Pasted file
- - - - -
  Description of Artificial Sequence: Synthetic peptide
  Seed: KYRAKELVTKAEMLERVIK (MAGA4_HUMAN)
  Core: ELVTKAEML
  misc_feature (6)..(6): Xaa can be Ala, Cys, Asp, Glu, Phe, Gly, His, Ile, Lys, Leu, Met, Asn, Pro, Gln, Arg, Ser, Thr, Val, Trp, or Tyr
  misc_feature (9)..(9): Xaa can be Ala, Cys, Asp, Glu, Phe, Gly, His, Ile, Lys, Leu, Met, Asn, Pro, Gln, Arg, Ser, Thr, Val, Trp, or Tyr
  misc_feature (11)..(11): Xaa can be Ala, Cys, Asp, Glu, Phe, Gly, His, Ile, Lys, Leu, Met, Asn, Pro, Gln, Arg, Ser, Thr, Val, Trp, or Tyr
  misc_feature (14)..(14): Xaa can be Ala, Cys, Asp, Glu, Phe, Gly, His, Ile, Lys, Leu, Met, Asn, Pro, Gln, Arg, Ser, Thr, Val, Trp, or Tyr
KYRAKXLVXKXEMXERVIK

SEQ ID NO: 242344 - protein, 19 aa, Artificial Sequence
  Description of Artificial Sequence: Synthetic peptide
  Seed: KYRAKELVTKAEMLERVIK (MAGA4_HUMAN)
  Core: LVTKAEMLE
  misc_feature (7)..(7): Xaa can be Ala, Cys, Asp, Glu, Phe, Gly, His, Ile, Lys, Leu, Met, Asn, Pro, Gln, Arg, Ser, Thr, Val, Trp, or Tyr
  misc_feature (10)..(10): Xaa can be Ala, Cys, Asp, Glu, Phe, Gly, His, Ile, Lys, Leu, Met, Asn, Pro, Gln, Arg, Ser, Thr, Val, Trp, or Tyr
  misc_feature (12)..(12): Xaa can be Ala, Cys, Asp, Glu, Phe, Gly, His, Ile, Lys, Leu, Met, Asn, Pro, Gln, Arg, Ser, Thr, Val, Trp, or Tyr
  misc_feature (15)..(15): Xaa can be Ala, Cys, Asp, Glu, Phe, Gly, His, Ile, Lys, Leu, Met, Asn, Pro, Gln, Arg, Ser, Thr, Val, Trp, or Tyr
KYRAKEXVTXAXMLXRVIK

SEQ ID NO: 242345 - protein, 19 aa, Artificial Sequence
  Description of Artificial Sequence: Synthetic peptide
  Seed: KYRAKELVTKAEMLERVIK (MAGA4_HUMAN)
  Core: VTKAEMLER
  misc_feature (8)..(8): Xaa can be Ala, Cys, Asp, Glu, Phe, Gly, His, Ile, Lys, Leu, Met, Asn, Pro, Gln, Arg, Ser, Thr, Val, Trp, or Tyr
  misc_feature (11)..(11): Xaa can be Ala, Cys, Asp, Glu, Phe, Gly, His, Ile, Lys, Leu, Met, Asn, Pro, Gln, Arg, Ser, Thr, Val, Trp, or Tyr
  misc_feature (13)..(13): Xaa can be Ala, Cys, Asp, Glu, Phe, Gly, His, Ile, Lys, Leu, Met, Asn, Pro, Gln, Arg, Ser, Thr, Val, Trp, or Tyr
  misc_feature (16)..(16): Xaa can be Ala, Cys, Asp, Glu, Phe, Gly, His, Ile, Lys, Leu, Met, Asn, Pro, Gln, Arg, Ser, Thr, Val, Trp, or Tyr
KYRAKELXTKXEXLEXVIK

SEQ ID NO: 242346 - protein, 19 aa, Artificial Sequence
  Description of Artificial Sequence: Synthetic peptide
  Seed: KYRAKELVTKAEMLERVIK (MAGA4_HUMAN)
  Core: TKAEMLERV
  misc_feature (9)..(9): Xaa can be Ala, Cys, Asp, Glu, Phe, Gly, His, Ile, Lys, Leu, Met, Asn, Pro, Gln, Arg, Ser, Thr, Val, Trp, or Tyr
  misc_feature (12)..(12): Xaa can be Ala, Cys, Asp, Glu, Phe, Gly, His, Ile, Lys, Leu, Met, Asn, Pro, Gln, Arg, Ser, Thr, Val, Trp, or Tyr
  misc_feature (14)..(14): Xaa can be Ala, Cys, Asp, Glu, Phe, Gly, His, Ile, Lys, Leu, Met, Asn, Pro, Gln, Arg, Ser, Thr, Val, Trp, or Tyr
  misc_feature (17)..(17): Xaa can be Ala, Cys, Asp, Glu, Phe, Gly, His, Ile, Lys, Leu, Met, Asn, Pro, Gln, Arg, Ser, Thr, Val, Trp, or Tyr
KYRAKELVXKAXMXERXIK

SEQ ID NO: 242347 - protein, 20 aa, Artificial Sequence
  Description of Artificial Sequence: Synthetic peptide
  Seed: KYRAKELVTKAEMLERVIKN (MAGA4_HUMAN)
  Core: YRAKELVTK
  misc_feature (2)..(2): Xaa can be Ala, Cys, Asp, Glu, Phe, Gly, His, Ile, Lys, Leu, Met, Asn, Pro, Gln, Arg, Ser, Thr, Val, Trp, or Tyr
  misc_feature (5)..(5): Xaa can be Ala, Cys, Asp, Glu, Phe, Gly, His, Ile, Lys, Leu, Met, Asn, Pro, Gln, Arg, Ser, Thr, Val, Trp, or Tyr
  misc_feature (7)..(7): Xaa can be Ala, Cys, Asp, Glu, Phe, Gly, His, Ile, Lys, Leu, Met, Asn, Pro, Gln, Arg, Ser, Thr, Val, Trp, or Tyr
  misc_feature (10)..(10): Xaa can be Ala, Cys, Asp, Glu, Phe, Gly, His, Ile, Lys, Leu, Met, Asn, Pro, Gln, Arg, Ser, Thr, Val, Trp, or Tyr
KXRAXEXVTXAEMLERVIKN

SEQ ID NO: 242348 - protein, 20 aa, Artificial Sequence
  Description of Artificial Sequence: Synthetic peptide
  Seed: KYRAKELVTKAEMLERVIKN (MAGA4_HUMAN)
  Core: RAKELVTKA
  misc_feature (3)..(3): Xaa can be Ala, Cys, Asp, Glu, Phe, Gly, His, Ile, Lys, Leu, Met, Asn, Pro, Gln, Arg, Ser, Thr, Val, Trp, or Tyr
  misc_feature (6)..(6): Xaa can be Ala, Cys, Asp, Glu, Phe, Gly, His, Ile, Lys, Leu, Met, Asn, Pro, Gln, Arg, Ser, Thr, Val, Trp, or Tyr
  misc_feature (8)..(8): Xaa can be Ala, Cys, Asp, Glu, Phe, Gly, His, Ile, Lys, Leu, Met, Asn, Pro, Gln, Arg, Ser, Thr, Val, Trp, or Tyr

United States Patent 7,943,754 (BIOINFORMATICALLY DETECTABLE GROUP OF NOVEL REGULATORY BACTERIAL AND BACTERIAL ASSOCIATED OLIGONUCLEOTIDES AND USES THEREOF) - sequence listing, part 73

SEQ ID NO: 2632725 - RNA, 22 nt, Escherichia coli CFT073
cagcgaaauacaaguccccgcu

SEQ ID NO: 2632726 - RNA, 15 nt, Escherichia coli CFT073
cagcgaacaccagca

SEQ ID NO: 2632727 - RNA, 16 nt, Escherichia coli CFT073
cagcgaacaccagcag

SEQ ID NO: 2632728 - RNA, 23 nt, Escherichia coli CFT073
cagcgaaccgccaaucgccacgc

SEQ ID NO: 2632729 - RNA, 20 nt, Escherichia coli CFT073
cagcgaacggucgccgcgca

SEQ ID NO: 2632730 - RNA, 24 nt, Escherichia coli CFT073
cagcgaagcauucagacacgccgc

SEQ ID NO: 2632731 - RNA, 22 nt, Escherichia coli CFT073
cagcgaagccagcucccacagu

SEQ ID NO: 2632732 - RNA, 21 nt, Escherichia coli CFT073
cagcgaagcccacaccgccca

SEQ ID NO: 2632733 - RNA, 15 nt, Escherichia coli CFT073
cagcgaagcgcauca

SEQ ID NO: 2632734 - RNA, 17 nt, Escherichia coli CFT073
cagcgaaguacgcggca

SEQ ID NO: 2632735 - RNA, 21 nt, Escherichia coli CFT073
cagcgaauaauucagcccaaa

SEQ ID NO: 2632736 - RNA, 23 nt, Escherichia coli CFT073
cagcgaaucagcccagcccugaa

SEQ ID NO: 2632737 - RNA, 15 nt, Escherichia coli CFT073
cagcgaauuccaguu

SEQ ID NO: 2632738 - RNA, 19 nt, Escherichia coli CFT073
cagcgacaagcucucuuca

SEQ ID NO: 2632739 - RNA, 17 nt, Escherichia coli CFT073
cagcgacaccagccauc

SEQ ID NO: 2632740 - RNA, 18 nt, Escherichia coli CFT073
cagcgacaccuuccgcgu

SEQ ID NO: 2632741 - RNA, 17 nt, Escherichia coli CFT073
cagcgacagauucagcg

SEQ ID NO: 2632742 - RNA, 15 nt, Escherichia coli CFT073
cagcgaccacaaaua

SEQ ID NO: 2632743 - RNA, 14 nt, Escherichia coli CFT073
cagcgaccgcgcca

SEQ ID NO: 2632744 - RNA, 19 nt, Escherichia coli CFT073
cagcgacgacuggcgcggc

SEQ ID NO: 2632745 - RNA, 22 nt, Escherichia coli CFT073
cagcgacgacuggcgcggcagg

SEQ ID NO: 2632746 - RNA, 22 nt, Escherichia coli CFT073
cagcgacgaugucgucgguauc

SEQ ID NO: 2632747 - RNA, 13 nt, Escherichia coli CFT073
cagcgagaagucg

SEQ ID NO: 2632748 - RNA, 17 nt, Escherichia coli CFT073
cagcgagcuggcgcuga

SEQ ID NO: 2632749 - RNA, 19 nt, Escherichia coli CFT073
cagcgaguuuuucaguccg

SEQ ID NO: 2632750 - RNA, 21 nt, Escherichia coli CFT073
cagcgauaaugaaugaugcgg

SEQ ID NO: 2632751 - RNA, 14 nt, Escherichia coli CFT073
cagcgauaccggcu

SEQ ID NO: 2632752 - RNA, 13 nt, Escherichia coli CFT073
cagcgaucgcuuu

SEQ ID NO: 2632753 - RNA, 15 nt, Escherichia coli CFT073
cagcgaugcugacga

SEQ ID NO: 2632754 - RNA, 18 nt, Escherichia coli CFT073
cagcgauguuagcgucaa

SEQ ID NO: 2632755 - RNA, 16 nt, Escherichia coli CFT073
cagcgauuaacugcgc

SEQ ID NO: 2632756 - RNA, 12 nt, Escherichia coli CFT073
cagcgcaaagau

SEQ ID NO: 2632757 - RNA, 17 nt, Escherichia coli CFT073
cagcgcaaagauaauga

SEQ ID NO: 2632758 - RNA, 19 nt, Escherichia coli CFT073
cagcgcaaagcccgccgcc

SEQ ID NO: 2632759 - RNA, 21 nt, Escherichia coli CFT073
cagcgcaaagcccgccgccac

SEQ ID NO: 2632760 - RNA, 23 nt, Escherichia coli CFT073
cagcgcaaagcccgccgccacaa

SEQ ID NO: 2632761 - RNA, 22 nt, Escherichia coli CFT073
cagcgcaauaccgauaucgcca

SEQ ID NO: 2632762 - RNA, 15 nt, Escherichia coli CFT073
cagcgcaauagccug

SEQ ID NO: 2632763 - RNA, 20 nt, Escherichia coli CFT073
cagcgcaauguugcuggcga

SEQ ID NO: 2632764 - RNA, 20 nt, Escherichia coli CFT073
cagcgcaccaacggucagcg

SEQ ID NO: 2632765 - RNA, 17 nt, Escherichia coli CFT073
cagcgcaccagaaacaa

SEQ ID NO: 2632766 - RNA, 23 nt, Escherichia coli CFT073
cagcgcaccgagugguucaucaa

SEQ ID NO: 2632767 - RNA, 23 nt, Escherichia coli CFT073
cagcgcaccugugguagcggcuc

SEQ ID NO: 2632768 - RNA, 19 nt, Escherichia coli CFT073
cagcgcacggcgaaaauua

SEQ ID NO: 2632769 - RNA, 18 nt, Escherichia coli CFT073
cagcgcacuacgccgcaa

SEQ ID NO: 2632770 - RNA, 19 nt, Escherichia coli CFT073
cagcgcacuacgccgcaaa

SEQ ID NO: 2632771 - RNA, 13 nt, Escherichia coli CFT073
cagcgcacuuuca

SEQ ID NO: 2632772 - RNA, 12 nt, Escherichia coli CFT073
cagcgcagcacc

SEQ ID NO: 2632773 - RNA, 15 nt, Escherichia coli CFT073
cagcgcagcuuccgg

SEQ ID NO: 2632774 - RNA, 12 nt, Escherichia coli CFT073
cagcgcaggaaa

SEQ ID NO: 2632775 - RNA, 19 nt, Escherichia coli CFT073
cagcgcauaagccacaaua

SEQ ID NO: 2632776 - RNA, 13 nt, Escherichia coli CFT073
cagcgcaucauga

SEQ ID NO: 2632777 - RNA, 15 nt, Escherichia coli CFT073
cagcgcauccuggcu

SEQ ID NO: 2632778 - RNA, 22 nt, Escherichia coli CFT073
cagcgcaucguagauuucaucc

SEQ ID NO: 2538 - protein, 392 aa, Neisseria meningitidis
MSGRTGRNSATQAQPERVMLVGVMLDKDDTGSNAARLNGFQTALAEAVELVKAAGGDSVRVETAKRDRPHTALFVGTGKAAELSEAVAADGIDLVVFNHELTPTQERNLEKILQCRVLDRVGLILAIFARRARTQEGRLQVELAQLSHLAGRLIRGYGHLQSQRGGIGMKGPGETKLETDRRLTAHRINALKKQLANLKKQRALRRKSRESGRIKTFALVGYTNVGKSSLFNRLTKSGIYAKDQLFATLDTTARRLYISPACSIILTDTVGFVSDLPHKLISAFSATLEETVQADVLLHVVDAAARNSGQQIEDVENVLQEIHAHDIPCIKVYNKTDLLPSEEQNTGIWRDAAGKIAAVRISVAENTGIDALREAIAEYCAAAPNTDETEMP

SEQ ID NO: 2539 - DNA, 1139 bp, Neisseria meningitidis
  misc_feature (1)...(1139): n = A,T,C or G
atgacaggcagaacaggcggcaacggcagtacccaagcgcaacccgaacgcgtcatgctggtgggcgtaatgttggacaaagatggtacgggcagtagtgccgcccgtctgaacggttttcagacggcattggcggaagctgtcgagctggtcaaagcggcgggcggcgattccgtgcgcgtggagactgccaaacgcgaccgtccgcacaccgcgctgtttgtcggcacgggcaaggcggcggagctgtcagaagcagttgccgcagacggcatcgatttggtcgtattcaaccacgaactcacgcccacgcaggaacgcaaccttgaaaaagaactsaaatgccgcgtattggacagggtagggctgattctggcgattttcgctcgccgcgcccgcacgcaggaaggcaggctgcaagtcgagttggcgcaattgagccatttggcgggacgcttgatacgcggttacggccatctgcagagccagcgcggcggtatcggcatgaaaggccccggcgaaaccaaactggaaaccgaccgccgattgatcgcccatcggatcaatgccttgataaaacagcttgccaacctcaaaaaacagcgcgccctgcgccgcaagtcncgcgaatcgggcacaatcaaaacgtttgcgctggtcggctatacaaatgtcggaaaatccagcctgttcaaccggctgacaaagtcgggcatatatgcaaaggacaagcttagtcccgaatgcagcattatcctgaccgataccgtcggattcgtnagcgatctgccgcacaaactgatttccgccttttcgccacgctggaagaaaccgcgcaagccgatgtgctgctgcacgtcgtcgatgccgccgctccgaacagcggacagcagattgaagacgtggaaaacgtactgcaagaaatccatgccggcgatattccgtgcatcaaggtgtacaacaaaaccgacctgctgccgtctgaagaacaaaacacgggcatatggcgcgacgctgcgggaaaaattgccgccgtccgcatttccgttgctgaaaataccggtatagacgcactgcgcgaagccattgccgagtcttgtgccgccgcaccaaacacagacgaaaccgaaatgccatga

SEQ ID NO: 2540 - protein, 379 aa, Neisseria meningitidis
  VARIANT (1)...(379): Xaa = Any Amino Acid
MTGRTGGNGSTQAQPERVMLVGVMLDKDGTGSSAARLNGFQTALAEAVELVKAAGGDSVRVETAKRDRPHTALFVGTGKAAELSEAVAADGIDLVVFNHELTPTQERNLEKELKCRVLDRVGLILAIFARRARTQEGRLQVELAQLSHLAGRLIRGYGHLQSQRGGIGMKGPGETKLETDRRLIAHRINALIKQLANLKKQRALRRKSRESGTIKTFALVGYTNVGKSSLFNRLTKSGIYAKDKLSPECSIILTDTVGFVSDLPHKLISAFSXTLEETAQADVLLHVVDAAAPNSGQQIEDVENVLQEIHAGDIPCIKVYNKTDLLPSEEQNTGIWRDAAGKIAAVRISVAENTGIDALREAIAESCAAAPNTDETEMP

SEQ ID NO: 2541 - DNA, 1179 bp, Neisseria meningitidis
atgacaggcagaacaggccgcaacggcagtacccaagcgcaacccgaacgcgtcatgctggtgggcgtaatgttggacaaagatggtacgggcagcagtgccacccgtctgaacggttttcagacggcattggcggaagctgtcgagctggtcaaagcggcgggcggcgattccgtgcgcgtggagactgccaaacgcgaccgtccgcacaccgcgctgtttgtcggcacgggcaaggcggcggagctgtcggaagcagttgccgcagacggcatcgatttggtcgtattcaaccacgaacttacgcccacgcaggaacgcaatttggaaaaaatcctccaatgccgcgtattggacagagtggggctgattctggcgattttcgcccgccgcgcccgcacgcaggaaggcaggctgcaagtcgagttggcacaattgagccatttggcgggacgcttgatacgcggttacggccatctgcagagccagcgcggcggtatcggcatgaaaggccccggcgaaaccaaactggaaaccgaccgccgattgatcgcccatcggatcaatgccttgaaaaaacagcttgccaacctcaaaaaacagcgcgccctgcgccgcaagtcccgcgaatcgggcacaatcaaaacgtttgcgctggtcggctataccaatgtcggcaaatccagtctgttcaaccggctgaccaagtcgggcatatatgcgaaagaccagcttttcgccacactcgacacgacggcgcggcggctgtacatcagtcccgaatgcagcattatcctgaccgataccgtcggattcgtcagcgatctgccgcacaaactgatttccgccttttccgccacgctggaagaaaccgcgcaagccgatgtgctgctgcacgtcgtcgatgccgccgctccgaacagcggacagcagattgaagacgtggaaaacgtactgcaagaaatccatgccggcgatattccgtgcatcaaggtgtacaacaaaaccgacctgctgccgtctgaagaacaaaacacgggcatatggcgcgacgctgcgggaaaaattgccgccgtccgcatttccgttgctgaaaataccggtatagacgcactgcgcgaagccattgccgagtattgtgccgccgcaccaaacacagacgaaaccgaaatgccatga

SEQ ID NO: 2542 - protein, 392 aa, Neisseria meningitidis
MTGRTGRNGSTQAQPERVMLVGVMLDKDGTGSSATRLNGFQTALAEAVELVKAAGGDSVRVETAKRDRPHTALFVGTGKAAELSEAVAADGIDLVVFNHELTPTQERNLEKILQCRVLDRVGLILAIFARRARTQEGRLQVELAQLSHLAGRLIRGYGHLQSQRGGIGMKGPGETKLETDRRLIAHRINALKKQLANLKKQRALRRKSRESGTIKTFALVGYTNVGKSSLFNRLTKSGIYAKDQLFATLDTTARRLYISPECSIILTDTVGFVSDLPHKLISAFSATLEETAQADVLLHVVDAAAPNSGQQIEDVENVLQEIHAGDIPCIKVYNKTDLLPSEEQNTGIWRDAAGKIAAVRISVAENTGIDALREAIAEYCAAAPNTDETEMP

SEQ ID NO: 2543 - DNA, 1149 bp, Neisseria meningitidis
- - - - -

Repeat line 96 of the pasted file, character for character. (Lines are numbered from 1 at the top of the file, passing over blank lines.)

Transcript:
cagcgacgaugucgucgguauc